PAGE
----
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Hima’a is not a particular food, but instead is a style of cooking using an underground oven. Many Pacific Islands have their own version of this type of cooking, such as the lovo in Fiji or the hāngī by Māori in New Zealand. Hima’a is used for preparing large feasts or banquets, with meat and vegetables often cooked in banana leaves.
An island favourite, poisson cru is Tahiti‘s twist on the classic ceviche seafood dish. A feast for the senses, it involves raw fish marinated in lemon or lime juice and mixed with coconut milk to make a vibrant, flavourful and colourful dish.
Po’e is a dessert made from banana and the root vegetable taro, and often cooked in the hima’a oven until it thickens, then served in a coconut milk sauce. Sweetened with vanilla, papaya or even pumpkin, po’e is a real favourite at Tahitian feasts.
Fafaru is a fish dish for the brave. It’s marinated in fermented seawater, but the way this fish is prepared makes it extremely tender. If you can get past the smell, you can begin to enjoy the complex flavours – but you’ll certainly need a strong stomach.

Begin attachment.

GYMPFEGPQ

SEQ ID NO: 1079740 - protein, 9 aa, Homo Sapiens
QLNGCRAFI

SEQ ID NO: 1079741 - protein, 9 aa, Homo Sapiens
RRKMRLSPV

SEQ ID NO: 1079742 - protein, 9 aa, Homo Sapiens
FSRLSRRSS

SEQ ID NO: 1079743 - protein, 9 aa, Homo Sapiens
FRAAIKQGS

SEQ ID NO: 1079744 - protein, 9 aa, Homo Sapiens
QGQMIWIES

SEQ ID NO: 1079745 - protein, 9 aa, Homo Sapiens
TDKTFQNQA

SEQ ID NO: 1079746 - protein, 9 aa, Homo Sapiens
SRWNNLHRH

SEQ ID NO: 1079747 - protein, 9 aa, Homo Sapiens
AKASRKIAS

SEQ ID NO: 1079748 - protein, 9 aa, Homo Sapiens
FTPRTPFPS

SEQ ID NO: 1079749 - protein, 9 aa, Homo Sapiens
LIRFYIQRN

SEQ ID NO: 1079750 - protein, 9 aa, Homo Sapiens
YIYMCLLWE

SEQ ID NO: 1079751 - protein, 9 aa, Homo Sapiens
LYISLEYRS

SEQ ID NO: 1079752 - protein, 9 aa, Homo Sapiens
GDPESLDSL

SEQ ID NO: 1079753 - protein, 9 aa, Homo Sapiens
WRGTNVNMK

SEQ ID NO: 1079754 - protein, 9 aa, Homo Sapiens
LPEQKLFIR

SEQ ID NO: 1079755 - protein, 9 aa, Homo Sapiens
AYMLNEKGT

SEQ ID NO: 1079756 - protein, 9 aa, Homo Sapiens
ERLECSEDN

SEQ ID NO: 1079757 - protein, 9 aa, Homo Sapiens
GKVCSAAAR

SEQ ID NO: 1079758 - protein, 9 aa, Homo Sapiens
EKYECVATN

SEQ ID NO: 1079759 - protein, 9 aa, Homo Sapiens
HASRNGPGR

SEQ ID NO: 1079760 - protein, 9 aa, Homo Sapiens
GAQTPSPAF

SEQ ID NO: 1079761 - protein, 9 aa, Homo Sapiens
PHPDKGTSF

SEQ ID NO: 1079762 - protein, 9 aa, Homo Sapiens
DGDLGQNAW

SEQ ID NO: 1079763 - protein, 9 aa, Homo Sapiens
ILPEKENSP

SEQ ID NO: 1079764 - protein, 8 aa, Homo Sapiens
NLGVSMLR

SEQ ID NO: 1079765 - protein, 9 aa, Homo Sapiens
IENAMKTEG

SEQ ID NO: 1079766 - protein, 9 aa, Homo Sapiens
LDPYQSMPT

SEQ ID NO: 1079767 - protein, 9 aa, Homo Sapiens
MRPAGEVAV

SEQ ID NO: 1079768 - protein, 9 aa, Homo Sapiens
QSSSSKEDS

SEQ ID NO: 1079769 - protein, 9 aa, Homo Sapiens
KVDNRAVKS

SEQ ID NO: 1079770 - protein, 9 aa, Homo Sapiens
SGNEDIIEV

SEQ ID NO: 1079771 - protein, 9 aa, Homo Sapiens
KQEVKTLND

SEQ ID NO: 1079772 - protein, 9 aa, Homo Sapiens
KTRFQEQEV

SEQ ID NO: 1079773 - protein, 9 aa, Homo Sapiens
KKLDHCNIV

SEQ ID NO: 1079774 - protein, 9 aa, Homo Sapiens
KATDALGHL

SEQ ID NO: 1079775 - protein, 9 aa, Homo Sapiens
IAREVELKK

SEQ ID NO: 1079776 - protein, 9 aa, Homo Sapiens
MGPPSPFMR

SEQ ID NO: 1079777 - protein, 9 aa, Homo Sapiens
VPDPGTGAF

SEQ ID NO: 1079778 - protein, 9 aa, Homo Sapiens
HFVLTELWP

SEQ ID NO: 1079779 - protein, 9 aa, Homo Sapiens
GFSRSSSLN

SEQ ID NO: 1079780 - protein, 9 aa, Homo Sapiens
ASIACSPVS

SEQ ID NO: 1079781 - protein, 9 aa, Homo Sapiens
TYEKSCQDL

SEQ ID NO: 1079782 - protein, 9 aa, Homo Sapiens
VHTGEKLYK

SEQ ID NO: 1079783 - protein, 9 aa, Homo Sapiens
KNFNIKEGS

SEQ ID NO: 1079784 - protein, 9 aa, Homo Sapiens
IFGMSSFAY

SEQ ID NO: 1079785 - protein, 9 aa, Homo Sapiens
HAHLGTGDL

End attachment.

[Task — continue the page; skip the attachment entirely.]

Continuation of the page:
Hinano lager is the traditional beer of Tahiti. Named after a white flower indigenous to the South Pacific, the beer has been brewed since 1955. Crisp with a slightly bitter taste, Hinano is served on tap around Tahiti and also sold widely in cans and bottles.
Is it possible to grow grapes on a coral atoll? The French believed so, and set out to establish the world’s first coral atoll vineyard. Vin de Tahiti is made on Rangiroa in the Tuamotu archipelago, at the Dominique Auroy Winery. In true island style, the grapes must be transported by canoe during the twice-yearly harvest.
You might have heard about ‘Tahiti Drink’ – an island concoction of pineapple, passion fruit, orange juice, vanilla, sugar and rum. It’s produced on the island of Mo’orea at the Manutea Juice Distillery, and has been since 1984.